3. Trust: A common pushback most companies have is "how will I know if they're working if I can't see them?" The issue of changing workflows and habits applies equally to employees of the company — who may be wondering how they'll know what's important to work on if they can't pop their head into the manager's office and ask. In the face of the oncoming crisis, managers should provide direction without micromanaging. Leaders should think about adding some structure to their workflow — how tasks are assigned, how staff can quickly and conveniently communicate progress and status in a way you can stay informed but doesn't interrupt them, etc. You also have to remember some employees have worked remote for years, but others haven't, so it's important to understand everyone's workspace at home will be different (some more suitable than others). Due to this (and other factors such as family, schedules, etc.) every employee will work and manage their time differently.
4. Creating a Work Environment at Home: Creating a comfortable workspace means having options. In the office we naturally get up and move around, so it's important to find this at home as well. Your options may be limited due to the need to share space with other household members, but if you're able to get a little creative, you'll have options to break up the monotony.
The Business Advice
Communication is essential. Businesses need to adopt a policy of open "no fault, no blame" communication and be prepared to start the conversation with their employees on what is and isn't working. It's necessary to ask critical questions, knowing it will never be a "one-size-fits-all" approach. Which employees could shift their work to a fully remote schedule by the end of next week? What are the limiting factors? These questions are critical, and they need to be addressed in clear, honest, and non-judgmental conversations, preventing employees from feeling as if "their back is against the wall."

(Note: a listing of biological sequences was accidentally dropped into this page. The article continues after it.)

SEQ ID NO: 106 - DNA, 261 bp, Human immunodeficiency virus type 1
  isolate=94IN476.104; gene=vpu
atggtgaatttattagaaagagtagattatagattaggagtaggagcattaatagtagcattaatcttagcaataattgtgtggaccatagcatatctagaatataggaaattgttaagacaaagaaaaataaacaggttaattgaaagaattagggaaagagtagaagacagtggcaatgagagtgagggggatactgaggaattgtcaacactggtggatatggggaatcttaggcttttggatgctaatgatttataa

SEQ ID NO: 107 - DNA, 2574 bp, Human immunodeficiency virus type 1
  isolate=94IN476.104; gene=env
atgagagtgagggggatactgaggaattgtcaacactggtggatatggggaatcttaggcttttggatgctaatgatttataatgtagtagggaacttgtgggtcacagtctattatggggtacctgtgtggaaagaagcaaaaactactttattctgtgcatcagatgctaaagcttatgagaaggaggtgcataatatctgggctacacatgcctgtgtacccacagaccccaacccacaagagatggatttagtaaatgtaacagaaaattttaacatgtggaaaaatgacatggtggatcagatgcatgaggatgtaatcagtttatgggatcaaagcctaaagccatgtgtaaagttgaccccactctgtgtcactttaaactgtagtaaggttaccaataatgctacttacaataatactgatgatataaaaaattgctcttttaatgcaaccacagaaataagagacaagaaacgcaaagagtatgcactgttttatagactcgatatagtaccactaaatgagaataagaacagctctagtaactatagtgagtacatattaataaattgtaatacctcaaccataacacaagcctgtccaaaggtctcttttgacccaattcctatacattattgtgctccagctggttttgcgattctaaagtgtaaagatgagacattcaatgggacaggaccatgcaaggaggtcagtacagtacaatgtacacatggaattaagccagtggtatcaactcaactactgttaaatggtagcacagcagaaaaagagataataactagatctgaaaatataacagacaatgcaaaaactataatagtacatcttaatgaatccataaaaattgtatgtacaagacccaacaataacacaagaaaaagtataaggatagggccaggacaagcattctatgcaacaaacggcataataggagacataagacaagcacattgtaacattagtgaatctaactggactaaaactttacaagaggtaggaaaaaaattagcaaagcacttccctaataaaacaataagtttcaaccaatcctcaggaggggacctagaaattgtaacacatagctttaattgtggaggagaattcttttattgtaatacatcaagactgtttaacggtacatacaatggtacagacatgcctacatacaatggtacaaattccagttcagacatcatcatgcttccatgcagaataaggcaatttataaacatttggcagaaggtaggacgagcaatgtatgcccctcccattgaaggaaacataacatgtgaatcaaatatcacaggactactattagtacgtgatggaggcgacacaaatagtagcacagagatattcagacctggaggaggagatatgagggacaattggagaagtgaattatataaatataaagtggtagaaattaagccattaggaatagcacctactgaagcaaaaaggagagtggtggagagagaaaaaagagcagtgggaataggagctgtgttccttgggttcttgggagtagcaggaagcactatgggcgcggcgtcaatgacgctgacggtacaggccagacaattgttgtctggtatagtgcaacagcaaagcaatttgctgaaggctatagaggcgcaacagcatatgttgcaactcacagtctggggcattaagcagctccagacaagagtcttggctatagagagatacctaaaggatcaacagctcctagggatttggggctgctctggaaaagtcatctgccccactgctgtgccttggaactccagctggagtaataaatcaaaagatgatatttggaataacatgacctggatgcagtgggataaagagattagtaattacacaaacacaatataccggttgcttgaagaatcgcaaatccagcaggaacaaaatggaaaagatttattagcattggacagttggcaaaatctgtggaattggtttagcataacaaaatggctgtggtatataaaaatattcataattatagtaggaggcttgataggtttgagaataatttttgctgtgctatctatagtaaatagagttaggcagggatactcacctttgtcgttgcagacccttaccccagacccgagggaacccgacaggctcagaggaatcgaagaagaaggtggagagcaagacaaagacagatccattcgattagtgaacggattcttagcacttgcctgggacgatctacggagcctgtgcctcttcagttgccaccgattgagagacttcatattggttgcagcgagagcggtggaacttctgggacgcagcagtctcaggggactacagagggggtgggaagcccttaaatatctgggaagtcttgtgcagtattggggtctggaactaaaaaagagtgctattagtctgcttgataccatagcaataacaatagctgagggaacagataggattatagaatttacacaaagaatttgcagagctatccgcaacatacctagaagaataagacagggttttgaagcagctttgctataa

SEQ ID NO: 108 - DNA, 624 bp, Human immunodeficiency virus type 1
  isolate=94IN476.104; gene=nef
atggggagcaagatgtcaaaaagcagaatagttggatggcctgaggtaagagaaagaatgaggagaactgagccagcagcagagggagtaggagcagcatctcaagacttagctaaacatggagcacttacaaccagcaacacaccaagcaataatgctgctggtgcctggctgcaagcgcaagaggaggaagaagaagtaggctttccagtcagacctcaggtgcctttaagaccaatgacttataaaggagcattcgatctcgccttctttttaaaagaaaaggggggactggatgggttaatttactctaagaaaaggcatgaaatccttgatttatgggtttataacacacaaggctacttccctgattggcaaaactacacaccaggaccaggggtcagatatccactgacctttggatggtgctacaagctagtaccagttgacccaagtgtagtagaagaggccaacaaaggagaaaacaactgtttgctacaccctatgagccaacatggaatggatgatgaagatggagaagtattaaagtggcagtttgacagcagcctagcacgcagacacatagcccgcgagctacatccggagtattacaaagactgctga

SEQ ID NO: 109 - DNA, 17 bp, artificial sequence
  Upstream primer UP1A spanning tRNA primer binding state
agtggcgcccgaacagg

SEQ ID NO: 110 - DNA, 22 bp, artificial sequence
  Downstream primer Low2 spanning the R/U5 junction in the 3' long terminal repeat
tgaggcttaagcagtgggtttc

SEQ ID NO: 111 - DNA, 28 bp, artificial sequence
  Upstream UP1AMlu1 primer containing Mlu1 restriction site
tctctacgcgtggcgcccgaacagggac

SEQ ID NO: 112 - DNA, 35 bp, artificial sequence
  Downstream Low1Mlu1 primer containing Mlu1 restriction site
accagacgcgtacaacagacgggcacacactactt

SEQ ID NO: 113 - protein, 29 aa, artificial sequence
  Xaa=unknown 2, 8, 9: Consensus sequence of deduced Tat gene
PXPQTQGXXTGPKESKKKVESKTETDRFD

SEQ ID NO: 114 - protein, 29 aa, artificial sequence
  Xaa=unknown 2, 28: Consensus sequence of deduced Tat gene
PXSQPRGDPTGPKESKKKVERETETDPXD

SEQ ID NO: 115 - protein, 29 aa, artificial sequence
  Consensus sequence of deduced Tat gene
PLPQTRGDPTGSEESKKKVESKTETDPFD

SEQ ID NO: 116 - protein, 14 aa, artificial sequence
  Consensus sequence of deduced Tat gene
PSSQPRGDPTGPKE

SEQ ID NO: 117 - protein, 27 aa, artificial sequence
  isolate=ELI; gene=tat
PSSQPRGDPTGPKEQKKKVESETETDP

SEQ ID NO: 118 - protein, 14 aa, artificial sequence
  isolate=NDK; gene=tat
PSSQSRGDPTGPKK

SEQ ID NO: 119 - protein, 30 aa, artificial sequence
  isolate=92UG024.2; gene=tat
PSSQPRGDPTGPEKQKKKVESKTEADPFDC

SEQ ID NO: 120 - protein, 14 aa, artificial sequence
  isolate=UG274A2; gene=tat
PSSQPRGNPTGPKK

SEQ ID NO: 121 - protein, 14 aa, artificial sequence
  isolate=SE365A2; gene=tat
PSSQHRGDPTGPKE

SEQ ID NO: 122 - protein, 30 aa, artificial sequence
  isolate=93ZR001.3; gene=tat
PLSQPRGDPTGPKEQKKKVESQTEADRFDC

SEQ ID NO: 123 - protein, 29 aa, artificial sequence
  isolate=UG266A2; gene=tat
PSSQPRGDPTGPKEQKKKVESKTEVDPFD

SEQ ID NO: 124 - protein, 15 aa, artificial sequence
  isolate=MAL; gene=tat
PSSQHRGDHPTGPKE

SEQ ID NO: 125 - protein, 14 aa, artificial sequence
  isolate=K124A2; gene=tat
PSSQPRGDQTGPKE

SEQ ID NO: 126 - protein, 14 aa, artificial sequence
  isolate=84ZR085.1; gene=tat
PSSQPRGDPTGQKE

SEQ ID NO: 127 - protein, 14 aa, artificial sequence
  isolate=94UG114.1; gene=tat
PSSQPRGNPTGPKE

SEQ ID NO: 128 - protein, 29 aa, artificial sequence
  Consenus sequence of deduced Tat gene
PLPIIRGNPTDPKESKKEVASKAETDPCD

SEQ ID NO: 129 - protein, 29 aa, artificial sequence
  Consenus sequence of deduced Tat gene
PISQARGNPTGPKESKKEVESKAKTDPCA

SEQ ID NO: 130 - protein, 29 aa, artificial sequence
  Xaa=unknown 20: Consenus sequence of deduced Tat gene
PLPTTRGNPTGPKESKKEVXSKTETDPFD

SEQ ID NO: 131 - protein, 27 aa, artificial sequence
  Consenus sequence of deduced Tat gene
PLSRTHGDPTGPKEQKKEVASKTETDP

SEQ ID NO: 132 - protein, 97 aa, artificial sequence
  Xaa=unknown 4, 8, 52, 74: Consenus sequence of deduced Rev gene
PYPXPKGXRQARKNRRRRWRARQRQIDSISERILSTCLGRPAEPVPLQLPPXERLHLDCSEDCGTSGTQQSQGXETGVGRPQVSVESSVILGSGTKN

At the same time, organizations need to have conversations with managers and find out who would be comfortable leading a fully remote team. Sometimes it's just a matter of identifying mentors who have experience with remote teams who less experienced managers can lean on for advice. At other times there are more specific challenges, and each business will have to address those separately.
Business leaders should be flexible, allowing organizations, teams, individual managers (and their staff) to adopt the habits, structure, and tools that work best for them (while still accomplishing the business's goals). One such tool is the concept of "work-life blending," where the hours worked are far more flexible and varied. Leaders should also build into the corporate remote work plan a consideration those employees who cannot work remotely — from maintenance workers and cleaning staff to the people who maintain the systems in large data centers.
Finally, and perhaps most importantly, everyone — from business leadership down to each individual employee — should keep in mind not everything works for everybody — if it's really not working for you, then it's OK to acknowledge that and find your own way to accomplish a goal. Many work from home guides emphasize a quiet organized space, however, some people might find silence distracting and music helps them focus. Others suggest a dedicated workspace, but not everyone has that luxury — making space for work can take many different forms. So, you, your team, and your manager need to approach this with an open mind and a willingness to experiment when the effort you're making isn't generating the results you want. If you aren't 100% productive in the first day or two, remain calm. As many others have said already, nothing about the situation we're in is normal. Nothing about it is your typical "work from home" transition. It's going to take you time to settle in and find what works best for you.